Starting three companies -- two of which didn’t take off the way I envisioned -- taught me that while entrepreneurs should dream big, it’s essential that we also plan for failure. More than 90 percent of startups fail.
And recognizing this right off the bat will prepare you intellectually, emotionally and financially, if your venture doesn’t succeed.
Related: 9 Reasons Why Most Startups Fail
Planning for failure doesn’t make you negative or paranoid. It makes you smart. First, there's a huge difference between preparing for failure and thinking you’re going to fail. The latter is highly discouraging and curtails growth. The former, on the other hand, is about being practical and thoughtful about all of the possibilities that may occur. In some ways, it can even encourage entrepreneurs to progress because being prepared quells fear and prods you to keep going.
I always plan for worst-case scenarios, considering how they may affect my team, their lives and how to mitigate them. For example, I need to think ahead: What if we were to lose one of our largest clients? How would that impact our cash flow, company morale and what would my investors think of the company’s outlook? It’s difficult to think of these scenarios, but I believe it’s necessary to plan for it. In some cases, planning for failure helps me anticipate challenges so I can prevent them from happening.
Additionally, being honest with yourself and thinking about potential failure enables you to identify mistakes that you’re making in your business, so you can correct them more quickly along the way.
It helps you be more objective. Starting and running a business can be a very emotional experience. Your company is your "baby,” after all, and it’s something that you’ve poured a lot of heart and passion into. Forcing yourself to be prepared for the worst can help balance that out. How? Planning for failure or thinking of an exit strategy pushes you to be less “clingy” with your company. It forces you to look at the facts and unpleasant possibilities (no matter how difficult), thereby enabling you to be more analytical and objective.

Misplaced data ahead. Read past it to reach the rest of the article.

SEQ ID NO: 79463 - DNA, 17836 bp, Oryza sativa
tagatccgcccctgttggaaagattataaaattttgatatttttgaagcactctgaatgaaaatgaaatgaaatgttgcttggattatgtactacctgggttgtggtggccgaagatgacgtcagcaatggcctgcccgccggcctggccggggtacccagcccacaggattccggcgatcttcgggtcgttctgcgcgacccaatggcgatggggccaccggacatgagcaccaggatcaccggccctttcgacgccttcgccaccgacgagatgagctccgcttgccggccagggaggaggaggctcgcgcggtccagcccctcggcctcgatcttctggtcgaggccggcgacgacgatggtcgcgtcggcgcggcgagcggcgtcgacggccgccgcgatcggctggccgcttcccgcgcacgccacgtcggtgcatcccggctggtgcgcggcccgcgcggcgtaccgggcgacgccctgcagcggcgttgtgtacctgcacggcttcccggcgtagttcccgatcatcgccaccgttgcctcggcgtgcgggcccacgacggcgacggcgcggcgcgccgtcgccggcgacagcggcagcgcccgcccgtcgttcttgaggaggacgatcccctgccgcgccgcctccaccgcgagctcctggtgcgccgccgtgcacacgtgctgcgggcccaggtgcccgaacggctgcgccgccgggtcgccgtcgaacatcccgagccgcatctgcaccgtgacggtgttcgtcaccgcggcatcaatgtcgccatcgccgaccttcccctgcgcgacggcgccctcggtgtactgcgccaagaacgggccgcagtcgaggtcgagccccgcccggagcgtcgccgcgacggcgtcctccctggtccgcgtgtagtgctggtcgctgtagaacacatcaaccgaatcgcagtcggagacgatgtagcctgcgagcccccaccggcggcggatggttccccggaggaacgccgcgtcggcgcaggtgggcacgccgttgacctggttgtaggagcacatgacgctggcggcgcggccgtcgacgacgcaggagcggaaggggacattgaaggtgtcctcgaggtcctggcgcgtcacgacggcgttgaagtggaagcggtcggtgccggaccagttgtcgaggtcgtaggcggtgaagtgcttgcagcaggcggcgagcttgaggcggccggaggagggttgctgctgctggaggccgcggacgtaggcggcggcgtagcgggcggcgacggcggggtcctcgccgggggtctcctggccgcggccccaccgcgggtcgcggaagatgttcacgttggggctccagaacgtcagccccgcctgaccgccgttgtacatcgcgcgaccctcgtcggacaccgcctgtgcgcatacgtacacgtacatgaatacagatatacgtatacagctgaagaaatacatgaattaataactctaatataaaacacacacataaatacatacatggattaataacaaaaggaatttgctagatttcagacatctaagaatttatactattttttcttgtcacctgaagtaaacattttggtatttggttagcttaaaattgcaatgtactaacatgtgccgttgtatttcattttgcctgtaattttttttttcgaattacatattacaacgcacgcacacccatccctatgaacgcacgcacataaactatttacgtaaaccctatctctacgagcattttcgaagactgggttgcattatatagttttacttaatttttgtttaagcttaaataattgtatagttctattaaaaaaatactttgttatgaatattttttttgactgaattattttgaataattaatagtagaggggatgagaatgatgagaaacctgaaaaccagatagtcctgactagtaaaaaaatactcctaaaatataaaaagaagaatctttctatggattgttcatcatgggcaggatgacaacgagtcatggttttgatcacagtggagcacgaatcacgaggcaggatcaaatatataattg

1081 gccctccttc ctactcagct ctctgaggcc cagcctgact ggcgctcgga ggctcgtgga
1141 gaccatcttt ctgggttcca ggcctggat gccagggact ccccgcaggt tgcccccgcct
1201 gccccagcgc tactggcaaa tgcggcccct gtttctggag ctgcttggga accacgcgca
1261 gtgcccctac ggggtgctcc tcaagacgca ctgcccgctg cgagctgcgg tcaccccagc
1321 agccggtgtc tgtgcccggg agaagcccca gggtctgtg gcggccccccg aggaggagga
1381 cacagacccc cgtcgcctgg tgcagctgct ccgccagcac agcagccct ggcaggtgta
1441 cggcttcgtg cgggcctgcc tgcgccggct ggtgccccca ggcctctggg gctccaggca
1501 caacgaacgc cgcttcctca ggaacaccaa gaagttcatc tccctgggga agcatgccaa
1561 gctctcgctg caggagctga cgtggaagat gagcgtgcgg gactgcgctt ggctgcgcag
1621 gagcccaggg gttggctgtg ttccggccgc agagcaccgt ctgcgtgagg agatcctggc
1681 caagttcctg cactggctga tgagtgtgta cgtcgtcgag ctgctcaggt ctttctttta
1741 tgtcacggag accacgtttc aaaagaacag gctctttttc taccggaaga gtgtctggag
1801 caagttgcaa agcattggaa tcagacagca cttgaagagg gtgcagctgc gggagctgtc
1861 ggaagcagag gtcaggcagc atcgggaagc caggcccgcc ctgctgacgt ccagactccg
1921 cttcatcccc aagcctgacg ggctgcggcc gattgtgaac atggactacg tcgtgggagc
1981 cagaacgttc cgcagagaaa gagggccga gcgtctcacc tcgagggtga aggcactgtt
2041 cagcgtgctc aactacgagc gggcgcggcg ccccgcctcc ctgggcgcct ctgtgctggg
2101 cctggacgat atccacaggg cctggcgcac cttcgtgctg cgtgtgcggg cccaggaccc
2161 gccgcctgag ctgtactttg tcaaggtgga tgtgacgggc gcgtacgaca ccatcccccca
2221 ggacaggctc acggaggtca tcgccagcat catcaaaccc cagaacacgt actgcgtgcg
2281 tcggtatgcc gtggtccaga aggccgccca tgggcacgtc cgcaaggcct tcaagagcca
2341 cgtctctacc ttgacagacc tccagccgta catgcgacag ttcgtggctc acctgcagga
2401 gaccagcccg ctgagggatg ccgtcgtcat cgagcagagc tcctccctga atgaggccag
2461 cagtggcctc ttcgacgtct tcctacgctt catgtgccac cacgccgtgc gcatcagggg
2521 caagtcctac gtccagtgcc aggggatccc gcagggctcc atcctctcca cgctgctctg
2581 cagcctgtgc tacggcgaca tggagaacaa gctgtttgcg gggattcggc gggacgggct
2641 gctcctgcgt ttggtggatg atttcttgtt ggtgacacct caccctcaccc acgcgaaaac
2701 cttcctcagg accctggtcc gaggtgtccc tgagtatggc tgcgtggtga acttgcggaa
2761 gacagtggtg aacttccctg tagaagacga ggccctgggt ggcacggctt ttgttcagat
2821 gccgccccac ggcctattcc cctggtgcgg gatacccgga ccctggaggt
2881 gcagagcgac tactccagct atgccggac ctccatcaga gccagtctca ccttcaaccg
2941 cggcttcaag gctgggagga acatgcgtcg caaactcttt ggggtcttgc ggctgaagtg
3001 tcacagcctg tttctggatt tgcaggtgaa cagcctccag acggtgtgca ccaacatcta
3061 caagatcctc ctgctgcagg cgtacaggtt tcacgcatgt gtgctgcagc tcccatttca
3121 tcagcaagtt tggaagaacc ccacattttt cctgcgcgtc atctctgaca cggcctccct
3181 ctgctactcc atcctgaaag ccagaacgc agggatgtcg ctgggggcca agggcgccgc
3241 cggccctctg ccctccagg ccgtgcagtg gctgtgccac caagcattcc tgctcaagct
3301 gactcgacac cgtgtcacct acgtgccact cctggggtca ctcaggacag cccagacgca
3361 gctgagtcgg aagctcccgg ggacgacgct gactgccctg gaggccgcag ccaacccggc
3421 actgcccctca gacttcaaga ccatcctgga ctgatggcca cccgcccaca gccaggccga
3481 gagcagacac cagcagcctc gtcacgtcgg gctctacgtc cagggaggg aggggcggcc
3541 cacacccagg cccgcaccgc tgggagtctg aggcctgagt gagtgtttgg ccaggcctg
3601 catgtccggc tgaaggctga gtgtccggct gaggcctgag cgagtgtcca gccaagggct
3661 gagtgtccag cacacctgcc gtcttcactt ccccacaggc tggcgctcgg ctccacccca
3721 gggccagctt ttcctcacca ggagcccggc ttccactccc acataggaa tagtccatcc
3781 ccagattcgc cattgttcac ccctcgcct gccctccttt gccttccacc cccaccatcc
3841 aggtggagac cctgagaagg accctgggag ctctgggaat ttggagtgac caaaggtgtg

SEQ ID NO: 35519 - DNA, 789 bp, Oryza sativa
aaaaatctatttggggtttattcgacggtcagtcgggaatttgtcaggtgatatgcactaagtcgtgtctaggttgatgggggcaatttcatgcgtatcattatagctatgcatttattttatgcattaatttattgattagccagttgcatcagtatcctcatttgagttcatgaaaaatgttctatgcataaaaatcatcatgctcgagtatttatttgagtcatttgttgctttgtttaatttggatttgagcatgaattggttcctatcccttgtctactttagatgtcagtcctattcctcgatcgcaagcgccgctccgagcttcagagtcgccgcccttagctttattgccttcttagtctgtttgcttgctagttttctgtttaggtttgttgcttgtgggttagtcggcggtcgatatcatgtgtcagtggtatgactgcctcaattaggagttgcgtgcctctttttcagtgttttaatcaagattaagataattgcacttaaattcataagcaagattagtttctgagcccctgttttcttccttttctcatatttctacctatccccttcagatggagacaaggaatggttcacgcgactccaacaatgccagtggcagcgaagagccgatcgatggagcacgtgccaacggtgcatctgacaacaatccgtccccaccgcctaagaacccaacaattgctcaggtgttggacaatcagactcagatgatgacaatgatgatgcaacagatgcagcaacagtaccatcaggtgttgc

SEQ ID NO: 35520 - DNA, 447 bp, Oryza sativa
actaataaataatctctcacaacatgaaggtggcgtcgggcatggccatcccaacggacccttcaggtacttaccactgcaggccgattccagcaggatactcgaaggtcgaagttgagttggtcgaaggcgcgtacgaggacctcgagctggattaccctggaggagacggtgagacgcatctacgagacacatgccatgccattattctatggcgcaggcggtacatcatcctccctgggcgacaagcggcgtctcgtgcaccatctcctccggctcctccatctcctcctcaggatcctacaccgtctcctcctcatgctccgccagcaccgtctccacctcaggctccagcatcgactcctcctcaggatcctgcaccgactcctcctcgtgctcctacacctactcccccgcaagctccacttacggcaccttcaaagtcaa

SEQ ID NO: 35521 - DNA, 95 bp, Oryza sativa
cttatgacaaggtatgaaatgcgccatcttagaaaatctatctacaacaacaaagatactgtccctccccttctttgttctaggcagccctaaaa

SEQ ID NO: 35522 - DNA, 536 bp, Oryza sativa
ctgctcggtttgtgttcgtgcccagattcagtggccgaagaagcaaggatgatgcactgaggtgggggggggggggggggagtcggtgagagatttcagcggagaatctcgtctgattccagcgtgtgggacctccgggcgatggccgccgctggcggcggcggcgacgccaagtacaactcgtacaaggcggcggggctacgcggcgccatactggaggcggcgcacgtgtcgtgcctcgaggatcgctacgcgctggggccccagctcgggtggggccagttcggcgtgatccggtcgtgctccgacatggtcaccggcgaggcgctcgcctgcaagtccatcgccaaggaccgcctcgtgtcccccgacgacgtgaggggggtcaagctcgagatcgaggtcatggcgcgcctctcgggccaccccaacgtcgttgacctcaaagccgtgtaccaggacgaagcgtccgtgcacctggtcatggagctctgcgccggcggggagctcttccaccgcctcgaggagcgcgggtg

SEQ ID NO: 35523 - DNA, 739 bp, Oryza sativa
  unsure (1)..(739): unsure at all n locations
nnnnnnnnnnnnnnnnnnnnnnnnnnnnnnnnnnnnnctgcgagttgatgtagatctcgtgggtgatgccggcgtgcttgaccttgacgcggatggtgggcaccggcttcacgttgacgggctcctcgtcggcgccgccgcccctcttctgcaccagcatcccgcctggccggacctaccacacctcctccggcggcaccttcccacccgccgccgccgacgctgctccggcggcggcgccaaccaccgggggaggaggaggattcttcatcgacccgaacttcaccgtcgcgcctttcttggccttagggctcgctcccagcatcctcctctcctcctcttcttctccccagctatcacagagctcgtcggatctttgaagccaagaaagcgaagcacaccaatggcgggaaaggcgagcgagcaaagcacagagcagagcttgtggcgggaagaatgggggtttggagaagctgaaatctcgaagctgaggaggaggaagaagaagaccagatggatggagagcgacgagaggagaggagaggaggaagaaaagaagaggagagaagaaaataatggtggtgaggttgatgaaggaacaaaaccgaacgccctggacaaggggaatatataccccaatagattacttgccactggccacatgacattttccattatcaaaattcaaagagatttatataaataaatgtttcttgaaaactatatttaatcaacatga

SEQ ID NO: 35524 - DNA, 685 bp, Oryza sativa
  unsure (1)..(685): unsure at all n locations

Being a bit disassociated from your company also gives you more perspective because it allows you to look at it from the vantage point of your investors or customers. This, in turn, helps you generate ideas or even catch errors that you may have missed being too close to your business.
Toward the end of my first company's existance, my co-founder Andrew Waage and I forced ourselves to evaluate the business from a customer’s perspective, and we learned that the solutions we were building simply did not solve a problem that was big enough. We set our emotions aside and closed the business because when looking at the facts, we did not have a business. We would have not had the courage to face our failure so quickly if we didn’t plan for it.
Related: How To Win When You Fail
Recognizing that you might fail keeps you on your toes. Acknowledging the possibility of failure prevents you from being complacent. Knowing that at any point your venture could take a wrong turn keeps you from resting on your laurels, which means you strive harder and don’t let success lead to hubris.
Never became too self-satisfied. Remember it takes years to build a company and one simple mistake to bring it all back to nothing. Never lose sight of that. It's important to stay focused and hungry.
Related: Failure: Go From Moping to Hoping
Planning for failure makes it easier to move on. Preparation can help soften the blow in the event that your company hits the rocks. Looking back, I don’t think I would have been able to move on quickly from my unsuccessful ventures if I hadn’t prepared for the possibility of failure.
When my first startup didn’t take off, Waage and I were prepared to deal with the circumstances. We had planned for it mentally, emotionally and financially, and decided we weren’t going to take it personally, which was why it only took us two weeks to recharge and start our next venture.
No one wants to face the dreaded “F” word, but even the most successful entrepreneurs experience their share. It’s simply part of the game. And, who knows? It could even serve as the foundation for something far bigger and better.
Related: Closing My First Big Deal
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